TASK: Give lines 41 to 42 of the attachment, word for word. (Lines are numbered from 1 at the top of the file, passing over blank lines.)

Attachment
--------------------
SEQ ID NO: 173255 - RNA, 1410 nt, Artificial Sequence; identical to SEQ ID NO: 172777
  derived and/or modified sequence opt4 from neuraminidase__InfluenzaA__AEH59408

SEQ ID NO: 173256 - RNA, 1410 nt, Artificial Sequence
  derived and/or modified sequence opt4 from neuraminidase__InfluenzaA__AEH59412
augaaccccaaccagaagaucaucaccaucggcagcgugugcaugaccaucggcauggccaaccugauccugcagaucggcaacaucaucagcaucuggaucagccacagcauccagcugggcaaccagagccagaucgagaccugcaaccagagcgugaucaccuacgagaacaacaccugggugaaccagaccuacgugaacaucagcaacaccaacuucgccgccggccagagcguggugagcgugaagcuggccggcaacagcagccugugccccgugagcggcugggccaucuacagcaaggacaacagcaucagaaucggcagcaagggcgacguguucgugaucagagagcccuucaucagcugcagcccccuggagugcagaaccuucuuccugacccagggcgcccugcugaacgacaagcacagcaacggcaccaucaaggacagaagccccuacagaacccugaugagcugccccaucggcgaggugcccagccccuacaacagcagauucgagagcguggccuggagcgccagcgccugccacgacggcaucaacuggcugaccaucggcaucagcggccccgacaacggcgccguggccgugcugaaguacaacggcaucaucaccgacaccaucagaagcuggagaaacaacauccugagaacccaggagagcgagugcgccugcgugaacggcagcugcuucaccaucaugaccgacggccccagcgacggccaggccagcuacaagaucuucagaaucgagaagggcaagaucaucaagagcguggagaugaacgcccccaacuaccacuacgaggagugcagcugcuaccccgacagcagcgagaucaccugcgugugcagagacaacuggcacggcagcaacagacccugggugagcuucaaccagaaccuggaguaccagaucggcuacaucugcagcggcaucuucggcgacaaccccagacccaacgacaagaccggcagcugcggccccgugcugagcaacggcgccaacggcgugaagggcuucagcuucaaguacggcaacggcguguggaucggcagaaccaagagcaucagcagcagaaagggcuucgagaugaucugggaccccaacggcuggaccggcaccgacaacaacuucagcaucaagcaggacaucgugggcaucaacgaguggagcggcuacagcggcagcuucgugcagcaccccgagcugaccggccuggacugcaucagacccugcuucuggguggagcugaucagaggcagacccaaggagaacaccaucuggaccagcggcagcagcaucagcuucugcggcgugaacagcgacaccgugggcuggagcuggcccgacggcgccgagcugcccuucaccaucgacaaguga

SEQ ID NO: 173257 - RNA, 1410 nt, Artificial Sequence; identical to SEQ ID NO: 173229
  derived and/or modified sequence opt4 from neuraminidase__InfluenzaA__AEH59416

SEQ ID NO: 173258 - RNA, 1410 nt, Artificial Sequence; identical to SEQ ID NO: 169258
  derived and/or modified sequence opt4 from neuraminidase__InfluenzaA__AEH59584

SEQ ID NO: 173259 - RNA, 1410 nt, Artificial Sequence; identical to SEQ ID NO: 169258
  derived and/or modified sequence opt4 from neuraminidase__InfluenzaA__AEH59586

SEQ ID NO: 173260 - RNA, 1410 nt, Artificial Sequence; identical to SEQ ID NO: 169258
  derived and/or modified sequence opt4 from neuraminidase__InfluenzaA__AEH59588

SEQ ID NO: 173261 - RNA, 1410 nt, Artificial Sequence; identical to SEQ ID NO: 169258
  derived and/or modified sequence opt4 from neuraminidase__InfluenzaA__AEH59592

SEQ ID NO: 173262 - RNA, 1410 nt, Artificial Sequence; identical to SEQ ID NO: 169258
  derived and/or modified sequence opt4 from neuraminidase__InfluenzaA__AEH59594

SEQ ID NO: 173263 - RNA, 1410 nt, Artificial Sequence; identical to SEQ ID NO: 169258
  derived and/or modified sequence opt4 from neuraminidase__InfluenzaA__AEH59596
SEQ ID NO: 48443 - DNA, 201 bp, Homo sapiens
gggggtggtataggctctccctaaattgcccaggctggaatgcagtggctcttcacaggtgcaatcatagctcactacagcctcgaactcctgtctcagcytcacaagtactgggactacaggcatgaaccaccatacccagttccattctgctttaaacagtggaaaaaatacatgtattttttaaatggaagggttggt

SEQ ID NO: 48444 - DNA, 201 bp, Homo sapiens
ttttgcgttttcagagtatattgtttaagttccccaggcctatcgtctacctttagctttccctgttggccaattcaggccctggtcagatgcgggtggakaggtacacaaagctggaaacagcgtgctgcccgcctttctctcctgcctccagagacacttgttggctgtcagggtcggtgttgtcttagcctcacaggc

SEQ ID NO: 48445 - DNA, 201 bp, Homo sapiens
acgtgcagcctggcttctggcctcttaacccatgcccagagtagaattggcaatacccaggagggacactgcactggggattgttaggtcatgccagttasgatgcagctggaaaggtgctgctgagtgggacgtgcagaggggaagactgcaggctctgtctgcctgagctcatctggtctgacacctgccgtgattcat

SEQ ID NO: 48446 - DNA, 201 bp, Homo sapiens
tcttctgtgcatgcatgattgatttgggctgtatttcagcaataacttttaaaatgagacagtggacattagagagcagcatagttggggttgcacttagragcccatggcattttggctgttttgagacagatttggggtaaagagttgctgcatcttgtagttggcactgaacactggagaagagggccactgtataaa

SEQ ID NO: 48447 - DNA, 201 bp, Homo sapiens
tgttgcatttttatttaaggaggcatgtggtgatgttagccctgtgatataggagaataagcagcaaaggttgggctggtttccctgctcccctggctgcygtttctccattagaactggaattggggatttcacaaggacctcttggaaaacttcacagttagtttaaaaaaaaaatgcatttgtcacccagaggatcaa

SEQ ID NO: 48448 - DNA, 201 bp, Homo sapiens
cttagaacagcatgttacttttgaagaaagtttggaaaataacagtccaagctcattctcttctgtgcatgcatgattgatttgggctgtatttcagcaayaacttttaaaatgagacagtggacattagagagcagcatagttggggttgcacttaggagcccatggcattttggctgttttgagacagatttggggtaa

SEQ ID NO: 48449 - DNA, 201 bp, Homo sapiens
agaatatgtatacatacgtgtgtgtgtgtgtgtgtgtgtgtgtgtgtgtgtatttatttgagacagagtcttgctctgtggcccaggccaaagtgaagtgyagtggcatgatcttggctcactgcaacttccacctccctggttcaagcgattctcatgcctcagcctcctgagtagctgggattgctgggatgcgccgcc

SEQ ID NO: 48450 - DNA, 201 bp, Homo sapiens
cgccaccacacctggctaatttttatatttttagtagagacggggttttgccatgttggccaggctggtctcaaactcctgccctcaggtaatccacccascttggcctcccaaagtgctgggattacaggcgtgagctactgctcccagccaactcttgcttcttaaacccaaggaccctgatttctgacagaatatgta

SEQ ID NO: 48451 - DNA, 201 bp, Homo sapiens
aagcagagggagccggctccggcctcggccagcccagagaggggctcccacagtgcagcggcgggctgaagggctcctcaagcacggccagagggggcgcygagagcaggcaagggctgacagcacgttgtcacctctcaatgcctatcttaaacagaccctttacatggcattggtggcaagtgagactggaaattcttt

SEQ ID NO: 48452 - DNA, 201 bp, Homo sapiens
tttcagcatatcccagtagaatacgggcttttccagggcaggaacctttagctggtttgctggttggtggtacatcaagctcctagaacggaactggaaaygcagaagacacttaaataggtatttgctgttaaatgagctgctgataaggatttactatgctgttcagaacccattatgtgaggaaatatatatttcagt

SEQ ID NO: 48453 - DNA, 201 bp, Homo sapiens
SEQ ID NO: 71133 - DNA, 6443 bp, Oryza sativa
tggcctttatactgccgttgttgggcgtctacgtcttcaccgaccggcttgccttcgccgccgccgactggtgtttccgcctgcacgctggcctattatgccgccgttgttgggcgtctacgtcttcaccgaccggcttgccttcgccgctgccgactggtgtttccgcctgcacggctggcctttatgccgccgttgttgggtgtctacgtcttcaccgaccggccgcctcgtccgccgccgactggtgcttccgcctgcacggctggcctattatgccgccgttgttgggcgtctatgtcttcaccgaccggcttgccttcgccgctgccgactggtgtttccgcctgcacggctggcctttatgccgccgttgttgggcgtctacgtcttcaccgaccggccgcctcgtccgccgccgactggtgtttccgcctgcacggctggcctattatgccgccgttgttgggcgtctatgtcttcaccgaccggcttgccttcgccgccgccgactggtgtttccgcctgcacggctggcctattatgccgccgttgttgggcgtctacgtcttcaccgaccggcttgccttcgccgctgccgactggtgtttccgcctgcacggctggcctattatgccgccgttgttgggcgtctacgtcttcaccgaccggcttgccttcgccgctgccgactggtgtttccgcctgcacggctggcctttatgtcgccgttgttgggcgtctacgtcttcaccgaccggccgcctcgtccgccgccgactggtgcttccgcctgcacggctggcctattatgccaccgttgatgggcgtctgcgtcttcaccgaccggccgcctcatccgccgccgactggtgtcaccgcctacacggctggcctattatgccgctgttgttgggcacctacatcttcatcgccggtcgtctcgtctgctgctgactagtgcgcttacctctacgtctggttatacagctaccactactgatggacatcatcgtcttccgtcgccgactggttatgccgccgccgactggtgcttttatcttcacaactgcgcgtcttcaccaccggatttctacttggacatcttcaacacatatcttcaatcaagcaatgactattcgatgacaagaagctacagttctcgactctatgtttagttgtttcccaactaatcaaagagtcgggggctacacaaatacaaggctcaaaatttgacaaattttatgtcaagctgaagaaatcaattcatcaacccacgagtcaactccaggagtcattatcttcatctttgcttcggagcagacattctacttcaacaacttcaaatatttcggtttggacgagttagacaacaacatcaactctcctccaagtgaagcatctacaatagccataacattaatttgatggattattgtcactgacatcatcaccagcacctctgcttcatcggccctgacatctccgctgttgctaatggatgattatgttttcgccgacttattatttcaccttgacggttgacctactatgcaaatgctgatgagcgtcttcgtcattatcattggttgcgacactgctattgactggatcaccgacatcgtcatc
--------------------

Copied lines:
SEQ ID NO: 71133 - DNA, 6443 bp, Oryza sativa
tggcctttatactgccgttgttgggcgtctacgtcttcaccgaccggcttgccttcgccgccgccgactggtgtttccgcctgcacgctggcctattatgccgccgttgttgggcgtctacgtcttcaccgaccggcttgccttcgccgctgccgactggtgtttccgcctgcacggctggcctttatgccgccgttgttgggtgtctacgtcttcaccgaccggccgcctcgtccgccgccgactggtgcttccgcctgcacggctggcctattatgccgccgttgttgggcgtctatgtcttcaccgaccggcttgccttcgccgctgccgactggtgtttccgcctgcacggctggcctttatgccgccgttgttgggcgtctacgtcttcaccgaccggccgcctcgtccgccgccgactggtgtttccgcctgcacggctggcctattatgccgccgttgttgggcgtctatgtcttcaccgaccggcttgccttcgccgccgccgactggtgtttccgcctgcacggctggcctattatgccgccgttgttgggcgtctacgtcttcaccgaccggcttgccttcgccgctgccgactggtgtttccgcctgcacggctggcctattatgccgccgttgttgggcgtctacgtcttcaccgaccggcttgccttcgccgctgccgactggtgtttccgcctgcacggctggcctttatgtcgccgttgttgggcgtctacgtcttcaccgaccggccgcctcgtccgccgccgactggtgcttccgcctgcacggctggcctattatgccaccgttgatgggcgtctgcgtcttcaccgaccggccgcctcatccgccgccgactggtgtcaccgcctacacggctggcctattatgccgctgttgttgggcacctacatcttcatcgccggtcgtctcgtctgctgctgactagtgcgcttacctctacgtctggttatacagctaccactactgatggacatcatcgtcttccgtcgccgactggttatgccgccgccgactggtgcttttatcttcacaactgcgcgtcttcaccaccggatttctacttggacatcttcaacacatatcttcaatcaagcaatgactattcgatgacaagaagctacagttctcgactctatgtttagttgtttcccaactaatcaaagagtcgggggctacacaaatacaaggctcaaaatttgacaaattttatgtcaagctgaagaaatcaattcatcaacccacgagtcaactccaggagtcattatcttcatctttgcttcggagcagacattctacttcaacaacttcaaatatttcggtttggacgagttagacaacaacatcaactctcctccaagtgaagcatctacaatagccataacattaatttgatggattattgtcactgacatcatcaccagcacctctgcttcatcggccctgacatctccgctgttgctaatggatgattatgttttcgccgacttattatttcaccttgacggttgacctactatgcaaatgctgatgagcgtcttcgtcattatcattggttgcgacactgctattgactggatcaccgacatcgtcatc